Who are we? Needleman got it right when he said that who we really are is astonishing. Or as Goethe once quipped, "Know thyself? If I knew myself, I'd run away."

To know oneself is to peer much deeper into oneself than what we mean by our identity, the ego.

Thoreau said, "It is as hard to see one's self as it is to look backwards without turning around."

The trick to being ourselves in corporate, government, or nonprofit circles peopled by powerful egos is to stop trying to see ourselves, imagine ourselves, picture ourselves at all. Then we take our ego out of the picture—and there is nothing for al those giant egos to fight.

When we in any way imagine ourselves, we are in ego. For ego is an image of ourselves—what we call our self-image. It isn't who we really are, it's an identity we've manufactured beginning in our earliest days.

Our true self consists simply in being, not in picturing or imaging ourselves. There is no identity to create because we are the greatest identity there is, each of us aspects of the ultimate "I am" of being.

The truth is that developing a bigger ego is far from being who we are. When we are simply being, we don't think of ourselves or picture ourselves at all. There is no concept of ourselves. We are so immersed in life, we are in the zone of flow in which there is no room for an awareness of ourselves in any kind of pictured or imaged sense.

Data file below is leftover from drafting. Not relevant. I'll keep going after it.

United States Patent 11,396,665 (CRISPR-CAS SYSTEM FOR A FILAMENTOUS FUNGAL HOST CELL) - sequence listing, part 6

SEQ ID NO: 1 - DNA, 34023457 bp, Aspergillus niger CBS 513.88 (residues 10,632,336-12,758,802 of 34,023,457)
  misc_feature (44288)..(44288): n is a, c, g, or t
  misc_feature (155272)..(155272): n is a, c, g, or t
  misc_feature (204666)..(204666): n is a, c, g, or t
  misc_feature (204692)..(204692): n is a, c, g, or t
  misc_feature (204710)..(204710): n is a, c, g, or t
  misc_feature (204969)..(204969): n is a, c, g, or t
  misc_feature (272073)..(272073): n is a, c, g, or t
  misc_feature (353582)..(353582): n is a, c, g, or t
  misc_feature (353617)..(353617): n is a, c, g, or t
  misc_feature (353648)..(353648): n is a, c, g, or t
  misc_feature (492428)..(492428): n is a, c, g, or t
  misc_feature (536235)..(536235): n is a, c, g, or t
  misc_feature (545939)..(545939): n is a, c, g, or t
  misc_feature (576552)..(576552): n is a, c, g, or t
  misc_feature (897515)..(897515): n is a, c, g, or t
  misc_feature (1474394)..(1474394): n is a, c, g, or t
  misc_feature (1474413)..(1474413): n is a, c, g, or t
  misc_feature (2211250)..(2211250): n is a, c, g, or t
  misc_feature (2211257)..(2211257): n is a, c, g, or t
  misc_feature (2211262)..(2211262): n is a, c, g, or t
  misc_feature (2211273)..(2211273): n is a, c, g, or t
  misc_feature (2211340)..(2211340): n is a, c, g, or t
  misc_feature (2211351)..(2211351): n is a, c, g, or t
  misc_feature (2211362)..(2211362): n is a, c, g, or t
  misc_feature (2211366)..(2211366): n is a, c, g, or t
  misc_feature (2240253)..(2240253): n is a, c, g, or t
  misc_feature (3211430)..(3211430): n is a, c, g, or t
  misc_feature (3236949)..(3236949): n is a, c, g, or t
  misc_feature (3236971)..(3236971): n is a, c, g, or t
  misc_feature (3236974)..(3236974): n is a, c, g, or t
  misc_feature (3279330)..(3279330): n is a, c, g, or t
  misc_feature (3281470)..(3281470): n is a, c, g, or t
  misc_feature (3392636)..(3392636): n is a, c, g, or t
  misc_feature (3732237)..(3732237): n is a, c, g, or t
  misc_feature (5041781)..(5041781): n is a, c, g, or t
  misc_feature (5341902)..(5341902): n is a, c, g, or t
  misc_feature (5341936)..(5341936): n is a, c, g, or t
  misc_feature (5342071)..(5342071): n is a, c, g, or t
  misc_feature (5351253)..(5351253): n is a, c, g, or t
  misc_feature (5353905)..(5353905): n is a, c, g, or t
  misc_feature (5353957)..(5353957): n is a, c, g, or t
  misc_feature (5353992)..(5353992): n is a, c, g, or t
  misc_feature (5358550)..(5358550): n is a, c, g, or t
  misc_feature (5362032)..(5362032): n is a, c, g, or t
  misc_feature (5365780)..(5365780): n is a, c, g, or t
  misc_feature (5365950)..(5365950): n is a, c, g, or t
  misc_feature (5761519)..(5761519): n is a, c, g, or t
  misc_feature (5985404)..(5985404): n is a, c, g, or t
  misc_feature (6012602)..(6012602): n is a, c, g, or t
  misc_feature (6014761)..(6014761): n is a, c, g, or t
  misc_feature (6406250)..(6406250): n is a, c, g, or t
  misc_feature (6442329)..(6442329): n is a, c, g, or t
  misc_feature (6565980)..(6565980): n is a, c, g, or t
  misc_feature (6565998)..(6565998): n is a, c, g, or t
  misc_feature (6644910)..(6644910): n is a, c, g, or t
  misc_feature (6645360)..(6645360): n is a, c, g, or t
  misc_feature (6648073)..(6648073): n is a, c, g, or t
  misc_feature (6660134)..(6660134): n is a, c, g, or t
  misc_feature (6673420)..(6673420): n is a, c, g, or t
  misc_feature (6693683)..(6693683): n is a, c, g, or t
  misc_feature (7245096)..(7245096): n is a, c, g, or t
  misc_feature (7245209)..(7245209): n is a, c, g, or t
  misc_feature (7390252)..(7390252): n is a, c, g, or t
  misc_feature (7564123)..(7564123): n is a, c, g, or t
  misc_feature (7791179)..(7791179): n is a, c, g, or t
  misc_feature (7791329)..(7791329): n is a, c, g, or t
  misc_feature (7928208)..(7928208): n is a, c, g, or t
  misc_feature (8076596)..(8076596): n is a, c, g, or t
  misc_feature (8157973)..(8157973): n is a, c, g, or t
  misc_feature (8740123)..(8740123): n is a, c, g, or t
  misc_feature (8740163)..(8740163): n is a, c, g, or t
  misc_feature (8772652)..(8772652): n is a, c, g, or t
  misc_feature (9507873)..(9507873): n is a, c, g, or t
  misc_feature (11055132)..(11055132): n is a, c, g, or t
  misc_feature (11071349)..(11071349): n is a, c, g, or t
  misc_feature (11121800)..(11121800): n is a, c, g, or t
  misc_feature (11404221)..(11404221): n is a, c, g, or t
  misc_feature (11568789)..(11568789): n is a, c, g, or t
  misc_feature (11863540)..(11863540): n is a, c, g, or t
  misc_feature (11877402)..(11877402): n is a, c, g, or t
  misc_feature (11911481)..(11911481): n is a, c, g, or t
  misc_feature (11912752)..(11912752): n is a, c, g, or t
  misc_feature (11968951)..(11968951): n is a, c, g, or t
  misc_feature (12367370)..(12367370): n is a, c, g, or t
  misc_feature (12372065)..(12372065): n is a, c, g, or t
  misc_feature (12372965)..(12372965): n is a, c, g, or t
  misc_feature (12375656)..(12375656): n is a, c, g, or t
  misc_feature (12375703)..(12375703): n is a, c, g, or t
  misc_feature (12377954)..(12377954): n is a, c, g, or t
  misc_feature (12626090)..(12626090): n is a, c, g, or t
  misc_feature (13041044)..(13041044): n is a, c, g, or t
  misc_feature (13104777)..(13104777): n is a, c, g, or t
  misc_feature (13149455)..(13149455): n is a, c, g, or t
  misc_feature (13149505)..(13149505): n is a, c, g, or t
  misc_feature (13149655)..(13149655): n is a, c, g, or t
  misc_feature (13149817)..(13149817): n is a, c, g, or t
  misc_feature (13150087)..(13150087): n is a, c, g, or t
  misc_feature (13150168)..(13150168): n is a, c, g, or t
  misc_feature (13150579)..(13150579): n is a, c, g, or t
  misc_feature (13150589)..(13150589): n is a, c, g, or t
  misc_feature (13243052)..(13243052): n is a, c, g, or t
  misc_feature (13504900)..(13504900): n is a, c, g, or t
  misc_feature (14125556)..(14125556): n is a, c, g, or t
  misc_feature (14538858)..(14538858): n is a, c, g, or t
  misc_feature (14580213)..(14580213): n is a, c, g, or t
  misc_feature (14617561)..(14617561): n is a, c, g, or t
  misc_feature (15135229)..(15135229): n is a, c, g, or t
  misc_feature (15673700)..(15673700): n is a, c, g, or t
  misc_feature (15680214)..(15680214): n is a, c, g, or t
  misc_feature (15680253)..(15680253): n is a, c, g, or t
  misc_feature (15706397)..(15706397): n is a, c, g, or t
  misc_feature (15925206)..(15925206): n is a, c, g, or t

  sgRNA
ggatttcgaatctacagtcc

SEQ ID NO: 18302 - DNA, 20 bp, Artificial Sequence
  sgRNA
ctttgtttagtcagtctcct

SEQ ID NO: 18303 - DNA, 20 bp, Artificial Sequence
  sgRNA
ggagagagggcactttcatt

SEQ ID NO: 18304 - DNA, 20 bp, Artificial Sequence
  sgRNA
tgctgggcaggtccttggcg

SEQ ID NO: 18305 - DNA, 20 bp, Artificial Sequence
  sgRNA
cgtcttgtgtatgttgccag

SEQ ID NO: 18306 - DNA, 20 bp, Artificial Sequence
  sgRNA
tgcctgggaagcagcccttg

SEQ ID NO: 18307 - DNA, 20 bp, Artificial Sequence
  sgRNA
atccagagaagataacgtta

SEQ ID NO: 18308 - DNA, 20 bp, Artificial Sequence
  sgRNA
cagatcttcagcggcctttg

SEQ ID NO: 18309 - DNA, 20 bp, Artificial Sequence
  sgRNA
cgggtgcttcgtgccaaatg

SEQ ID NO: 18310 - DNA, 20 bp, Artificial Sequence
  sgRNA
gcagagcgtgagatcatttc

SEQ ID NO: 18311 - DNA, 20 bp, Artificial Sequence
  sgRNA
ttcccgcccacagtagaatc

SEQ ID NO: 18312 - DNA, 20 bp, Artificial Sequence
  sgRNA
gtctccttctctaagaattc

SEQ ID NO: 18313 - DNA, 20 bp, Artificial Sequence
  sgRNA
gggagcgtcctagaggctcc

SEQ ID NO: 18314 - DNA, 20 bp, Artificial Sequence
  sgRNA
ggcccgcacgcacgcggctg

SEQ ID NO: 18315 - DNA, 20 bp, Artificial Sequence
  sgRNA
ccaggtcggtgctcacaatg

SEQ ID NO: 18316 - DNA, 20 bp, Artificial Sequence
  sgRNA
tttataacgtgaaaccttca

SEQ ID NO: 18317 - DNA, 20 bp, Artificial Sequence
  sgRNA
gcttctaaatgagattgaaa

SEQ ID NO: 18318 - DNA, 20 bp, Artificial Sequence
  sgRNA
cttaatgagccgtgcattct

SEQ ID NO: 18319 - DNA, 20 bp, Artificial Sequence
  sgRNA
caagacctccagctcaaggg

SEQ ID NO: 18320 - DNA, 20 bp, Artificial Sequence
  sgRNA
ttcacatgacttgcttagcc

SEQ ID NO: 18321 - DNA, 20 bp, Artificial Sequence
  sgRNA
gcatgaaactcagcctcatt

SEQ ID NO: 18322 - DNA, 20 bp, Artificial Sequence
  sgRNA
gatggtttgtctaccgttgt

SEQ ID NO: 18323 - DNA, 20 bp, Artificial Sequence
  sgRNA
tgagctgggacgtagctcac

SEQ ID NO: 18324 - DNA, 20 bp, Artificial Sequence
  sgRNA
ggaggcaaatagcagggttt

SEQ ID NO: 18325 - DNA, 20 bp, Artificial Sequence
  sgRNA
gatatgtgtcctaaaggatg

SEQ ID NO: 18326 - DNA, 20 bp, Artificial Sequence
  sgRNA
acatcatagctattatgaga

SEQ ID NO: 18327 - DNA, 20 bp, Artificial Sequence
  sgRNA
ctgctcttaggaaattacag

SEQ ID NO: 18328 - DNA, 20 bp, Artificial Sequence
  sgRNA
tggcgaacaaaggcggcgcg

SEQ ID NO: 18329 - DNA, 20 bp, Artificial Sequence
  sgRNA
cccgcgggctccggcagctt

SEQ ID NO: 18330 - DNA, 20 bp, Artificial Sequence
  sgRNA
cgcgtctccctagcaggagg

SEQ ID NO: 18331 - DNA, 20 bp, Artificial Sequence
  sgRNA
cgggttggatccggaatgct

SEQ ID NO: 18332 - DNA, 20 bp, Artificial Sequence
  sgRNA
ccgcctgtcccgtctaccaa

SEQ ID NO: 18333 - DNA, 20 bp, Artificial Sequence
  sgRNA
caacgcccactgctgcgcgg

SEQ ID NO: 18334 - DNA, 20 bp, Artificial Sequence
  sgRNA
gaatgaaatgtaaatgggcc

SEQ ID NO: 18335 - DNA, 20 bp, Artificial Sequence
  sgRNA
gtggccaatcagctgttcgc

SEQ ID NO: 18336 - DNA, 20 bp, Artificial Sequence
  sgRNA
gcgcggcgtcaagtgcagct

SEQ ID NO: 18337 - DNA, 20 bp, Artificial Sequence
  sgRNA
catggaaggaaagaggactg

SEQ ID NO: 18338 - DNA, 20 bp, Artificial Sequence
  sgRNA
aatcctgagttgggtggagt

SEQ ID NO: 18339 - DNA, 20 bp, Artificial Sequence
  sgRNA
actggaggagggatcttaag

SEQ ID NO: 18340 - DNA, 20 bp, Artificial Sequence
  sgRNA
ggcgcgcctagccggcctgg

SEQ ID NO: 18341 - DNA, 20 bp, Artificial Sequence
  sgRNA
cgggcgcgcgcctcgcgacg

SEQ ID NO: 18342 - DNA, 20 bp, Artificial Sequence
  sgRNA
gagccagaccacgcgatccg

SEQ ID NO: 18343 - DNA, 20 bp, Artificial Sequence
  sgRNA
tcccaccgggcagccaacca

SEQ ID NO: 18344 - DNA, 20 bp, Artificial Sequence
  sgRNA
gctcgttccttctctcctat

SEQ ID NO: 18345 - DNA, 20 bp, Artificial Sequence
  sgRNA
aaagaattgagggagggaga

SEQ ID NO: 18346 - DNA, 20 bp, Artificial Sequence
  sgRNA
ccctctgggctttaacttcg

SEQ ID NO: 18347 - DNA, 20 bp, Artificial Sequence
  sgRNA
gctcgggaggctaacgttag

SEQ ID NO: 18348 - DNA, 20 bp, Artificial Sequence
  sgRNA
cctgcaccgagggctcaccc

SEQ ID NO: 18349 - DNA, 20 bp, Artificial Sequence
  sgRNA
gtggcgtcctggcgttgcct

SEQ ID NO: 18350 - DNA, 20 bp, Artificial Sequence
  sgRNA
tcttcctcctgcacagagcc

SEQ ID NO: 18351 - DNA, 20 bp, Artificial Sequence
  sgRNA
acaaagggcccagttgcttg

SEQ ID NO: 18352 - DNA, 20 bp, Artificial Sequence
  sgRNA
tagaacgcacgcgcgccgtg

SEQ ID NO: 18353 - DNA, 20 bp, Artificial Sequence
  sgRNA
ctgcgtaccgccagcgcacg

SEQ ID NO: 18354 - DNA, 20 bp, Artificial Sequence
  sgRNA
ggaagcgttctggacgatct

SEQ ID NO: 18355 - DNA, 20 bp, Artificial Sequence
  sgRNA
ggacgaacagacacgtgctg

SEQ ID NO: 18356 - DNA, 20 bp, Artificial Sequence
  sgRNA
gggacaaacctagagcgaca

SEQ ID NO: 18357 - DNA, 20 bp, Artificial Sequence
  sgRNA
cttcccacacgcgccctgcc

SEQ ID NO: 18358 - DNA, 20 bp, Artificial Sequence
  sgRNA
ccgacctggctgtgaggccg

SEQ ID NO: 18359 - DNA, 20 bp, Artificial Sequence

For many years, I tried to improve and bolster my self-image. I had no idea that my "inner, noumenal being is breathtaking," as Jacob Needleman says of Kant's view of humanity in his Critique of Pure Reason.

It was a shock to learn, as Needleman goes on to say, that "this inner will [which Kant describes], which is or can be my real self, is utterly unrelated to the self that I ordinarily take myself to be, and that others take myself to be."

Ponder that statement for a few moments. Let it sink in.

Go into the high-powered sections of the corporate, government, or nonprofit world as an ego, and life becomes difficult.

Go into it simply being, in each moment, completely flowing in the zone, and in each given moment you will handle yourself beautifully—for the greatest power in the universe, far bigger than any ego, will spontaneously express itself as you.

In other words, to "be" is to approach every situation free of a concept of how things should be. It's to be "empty" of concepts of what should happen.

When you are being, you don't have to think of how you are being, picture how you are coming across, or try to be anything. In fact, all awareness of yourself in the scene disappears in a consciousness that simply flows.

Author's Bio: 

David Robert Ord is author of Your Forgotten Self Mirrored in Jesus the Christ and the audio book Lessons in Loving--A Journey into the Heart.

If you enjoyed this author, you can read more of his work on

His book Your Forgotten Self is a Soul Essential sleeper hit. What are sleeper hits? Well, sleeper hits are the talents that haven’t yet been discovered. They may not be big names you’ve heard or read, the teachers everyone flocks to see. But, these sleeper hits will share with you insight few know yet about -- cutting edge teaching that’s totally life-changing.